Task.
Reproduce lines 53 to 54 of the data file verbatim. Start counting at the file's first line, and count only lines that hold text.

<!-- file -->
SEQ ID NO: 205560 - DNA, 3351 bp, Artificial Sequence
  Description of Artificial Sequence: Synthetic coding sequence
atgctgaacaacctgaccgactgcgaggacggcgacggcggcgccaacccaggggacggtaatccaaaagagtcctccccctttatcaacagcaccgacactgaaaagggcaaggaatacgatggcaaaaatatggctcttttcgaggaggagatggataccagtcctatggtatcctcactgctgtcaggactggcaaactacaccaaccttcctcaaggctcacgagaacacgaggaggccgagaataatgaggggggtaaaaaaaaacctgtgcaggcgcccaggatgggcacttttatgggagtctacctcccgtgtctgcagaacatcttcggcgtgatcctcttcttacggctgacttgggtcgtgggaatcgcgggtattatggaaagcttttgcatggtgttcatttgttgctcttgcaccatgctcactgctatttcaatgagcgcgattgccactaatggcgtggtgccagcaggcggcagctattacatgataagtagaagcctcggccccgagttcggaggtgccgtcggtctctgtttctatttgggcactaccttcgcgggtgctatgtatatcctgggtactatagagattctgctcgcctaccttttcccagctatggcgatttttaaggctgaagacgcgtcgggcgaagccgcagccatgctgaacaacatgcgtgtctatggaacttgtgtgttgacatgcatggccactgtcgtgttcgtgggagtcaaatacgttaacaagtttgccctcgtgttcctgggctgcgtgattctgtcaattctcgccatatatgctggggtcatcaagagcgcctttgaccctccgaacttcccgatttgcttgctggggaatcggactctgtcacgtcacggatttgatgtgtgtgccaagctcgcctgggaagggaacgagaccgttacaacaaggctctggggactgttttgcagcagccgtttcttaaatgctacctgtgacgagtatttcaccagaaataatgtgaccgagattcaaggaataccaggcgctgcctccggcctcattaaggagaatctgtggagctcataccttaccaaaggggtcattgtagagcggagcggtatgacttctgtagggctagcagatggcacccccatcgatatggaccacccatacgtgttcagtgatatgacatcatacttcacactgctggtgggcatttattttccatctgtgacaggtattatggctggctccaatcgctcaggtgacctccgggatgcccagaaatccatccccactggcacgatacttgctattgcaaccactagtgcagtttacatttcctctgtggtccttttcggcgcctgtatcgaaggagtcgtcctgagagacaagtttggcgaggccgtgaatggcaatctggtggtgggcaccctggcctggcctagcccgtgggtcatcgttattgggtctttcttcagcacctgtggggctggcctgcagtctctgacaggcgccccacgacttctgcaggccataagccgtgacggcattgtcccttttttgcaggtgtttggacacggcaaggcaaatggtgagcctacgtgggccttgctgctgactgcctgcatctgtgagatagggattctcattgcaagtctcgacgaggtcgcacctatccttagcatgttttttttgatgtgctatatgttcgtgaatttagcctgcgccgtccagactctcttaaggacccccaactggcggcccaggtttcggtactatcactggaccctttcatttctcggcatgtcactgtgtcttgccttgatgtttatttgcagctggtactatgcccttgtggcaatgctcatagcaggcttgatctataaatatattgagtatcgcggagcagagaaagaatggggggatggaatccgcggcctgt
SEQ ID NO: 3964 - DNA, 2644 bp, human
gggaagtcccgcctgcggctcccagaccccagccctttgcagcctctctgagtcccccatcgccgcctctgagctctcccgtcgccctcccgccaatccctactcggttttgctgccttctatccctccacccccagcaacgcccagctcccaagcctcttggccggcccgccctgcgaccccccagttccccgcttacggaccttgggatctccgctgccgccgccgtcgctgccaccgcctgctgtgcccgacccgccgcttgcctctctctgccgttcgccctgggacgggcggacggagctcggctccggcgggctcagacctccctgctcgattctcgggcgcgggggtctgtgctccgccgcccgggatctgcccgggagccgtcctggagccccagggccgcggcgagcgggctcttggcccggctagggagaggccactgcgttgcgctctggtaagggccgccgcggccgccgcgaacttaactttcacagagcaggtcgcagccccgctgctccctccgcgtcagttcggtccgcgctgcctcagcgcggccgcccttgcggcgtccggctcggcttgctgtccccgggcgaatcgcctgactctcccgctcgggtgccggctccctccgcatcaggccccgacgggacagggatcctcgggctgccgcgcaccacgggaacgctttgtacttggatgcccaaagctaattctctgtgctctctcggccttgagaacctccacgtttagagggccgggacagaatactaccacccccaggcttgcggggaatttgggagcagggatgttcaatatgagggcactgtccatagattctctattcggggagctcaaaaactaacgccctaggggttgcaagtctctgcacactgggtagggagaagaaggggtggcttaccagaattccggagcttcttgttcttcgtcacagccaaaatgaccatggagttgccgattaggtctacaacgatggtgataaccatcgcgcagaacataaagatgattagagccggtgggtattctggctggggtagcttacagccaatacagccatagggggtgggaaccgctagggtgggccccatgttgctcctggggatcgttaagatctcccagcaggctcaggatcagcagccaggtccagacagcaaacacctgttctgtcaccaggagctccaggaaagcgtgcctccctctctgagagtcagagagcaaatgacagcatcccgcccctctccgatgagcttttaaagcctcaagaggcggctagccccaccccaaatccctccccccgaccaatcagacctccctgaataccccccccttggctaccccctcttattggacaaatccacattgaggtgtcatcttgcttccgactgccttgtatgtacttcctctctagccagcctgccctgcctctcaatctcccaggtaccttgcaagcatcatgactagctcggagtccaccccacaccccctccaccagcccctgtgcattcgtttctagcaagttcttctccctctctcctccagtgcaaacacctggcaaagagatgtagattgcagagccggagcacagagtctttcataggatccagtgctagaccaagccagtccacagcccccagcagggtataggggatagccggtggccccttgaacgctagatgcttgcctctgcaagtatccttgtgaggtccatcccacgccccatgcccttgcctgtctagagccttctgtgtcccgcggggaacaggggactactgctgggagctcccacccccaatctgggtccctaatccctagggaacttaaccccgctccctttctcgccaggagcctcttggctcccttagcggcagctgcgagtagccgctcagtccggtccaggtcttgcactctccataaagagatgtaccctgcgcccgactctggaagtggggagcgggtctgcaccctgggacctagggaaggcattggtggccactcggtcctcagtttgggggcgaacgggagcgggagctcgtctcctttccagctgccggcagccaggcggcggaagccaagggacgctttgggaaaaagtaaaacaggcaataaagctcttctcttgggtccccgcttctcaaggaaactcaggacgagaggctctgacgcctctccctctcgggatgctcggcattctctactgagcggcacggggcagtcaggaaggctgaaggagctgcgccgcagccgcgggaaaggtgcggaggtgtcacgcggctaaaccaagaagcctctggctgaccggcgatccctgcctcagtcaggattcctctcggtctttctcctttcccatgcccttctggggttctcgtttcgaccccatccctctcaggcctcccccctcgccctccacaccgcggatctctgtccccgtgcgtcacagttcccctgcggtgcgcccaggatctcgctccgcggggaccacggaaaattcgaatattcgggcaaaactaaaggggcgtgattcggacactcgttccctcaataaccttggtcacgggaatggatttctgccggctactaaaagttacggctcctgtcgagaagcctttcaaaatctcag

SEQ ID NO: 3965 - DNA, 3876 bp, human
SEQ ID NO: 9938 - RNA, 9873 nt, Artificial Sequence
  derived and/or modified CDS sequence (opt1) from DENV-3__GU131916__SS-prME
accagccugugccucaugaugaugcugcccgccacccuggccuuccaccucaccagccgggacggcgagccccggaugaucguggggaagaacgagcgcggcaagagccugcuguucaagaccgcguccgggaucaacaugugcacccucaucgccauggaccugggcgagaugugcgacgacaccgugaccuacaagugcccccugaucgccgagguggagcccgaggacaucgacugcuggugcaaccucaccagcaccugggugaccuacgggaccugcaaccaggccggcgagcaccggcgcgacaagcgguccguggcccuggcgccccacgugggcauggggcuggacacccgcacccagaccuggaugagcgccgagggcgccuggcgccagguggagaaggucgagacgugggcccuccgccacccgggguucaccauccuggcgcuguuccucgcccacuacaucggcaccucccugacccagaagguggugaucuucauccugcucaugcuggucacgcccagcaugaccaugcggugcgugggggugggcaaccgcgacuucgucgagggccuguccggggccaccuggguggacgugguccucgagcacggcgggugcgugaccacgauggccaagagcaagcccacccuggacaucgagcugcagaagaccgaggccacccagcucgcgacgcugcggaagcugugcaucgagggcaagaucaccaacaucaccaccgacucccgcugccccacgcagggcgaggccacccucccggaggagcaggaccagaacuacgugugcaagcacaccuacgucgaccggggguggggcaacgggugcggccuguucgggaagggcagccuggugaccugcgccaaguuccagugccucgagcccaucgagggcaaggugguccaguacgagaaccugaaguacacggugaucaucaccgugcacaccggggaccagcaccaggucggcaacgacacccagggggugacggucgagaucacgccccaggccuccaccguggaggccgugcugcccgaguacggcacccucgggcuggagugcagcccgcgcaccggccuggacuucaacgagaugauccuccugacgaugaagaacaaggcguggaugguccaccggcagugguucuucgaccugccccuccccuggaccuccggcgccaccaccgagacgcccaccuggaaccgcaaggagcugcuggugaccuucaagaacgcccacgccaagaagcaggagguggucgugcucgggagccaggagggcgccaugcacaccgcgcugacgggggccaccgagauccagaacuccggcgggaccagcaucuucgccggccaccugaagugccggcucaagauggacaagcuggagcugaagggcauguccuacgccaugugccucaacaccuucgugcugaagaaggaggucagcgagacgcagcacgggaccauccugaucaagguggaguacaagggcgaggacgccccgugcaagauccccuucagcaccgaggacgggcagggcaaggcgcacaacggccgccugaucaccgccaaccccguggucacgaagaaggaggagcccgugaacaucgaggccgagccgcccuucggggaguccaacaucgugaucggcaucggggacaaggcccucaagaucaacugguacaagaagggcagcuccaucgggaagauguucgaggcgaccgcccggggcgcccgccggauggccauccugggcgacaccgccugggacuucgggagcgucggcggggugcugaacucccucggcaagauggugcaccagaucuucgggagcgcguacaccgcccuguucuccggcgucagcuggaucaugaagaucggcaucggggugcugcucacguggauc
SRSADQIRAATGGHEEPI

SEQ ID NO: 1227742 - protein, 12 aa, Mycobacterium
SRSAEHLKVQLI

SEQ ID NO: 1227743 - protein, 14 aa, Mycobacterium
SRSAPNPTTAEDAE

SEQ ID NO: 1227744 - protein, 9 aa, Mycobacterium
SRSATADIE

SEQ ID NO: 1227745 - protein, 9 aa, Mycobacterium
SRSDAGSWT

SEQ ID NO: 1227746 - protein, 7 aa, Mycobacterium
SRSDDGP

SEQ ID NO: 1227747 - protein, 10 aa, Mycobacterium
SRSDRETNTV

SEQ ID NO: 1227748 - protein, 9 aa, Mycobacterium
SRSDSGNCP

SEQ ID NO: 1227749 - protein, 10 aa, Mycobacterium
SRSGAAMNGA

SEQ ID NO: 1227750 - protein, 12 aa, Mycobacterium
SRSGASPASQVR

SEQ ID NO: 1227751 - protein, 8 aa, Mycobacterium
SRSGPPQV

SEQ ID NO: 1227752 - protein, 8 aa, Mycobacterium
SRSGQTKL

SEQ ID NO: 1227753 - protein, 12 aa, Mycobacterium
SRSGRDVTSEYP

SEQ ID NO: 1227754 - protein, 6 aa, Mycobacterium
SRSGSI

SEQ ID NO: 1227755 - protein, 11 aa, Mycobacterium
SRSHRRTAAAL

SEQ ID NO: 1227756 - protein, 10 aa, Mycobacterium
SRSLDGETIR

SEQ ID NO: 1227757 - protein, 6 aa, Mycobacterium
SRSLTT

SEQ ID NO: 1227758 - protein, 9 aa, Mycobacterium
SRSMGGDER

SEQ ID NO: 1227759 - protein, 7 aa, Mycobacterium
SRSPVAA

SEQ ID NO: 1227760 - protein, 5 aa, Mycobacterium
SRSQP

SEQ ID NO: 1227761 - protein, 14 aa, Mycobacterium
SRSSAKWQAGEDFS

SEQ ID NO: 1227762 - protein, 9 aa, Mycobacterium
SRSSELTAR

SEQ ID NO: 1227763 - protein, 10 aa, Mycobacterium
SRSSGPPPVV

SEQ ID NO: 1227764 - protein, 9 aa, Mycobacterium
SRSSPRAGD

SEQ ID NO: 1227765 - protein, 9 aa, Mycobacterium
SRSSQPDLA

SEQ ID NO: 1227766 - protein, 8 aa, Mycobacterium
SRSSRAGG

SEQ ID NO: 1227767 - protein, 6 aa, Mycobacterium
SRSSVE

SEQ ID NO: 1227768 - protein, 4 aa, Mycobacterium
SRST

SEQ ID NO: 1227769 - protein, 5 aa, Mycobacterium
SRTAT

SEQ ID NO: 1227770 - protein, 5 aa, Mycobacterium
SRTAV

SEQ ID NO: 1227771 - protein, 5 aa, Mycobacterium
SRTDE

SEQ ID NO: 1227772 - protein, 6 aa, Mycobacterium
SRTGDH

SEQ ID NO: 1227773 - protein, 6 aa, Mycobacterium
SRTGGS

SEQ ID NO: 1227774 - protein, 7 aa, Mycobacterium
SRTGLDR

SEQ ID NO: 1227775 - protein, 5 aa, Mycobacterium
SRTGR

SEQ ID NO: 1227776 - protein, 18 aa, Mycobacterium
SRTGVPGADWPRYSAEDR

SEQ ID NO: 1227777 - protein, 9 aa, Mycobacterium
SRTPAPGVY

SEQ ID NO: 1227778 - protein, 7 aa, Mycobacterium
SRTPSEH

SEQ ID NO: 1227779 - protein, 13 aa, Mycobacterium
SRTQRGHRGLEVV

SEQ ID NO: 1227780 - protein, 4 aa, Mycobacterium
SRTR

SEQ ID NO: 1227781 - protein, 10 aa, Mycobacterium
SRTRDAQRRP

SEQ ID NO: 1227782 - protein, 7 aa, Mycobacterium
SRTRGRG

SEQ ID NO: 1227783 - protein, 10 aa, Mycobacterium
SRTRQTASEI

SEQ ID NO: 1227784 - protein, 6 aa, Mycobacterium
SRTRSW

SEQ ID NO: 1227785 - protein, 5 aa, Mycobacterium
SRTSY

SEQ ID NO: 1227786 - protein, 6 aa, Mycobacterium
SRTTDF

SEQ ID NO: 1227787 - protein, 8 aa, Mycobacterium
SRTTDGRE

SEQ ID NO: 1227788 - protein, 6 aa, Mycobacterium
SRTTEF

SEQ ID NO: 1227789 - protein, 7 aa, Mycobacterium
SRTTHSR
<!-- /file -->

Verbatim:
SEQ ID NO: 1227763 - protein, 10 aa, Mycobacterium
SRSSGPPPVV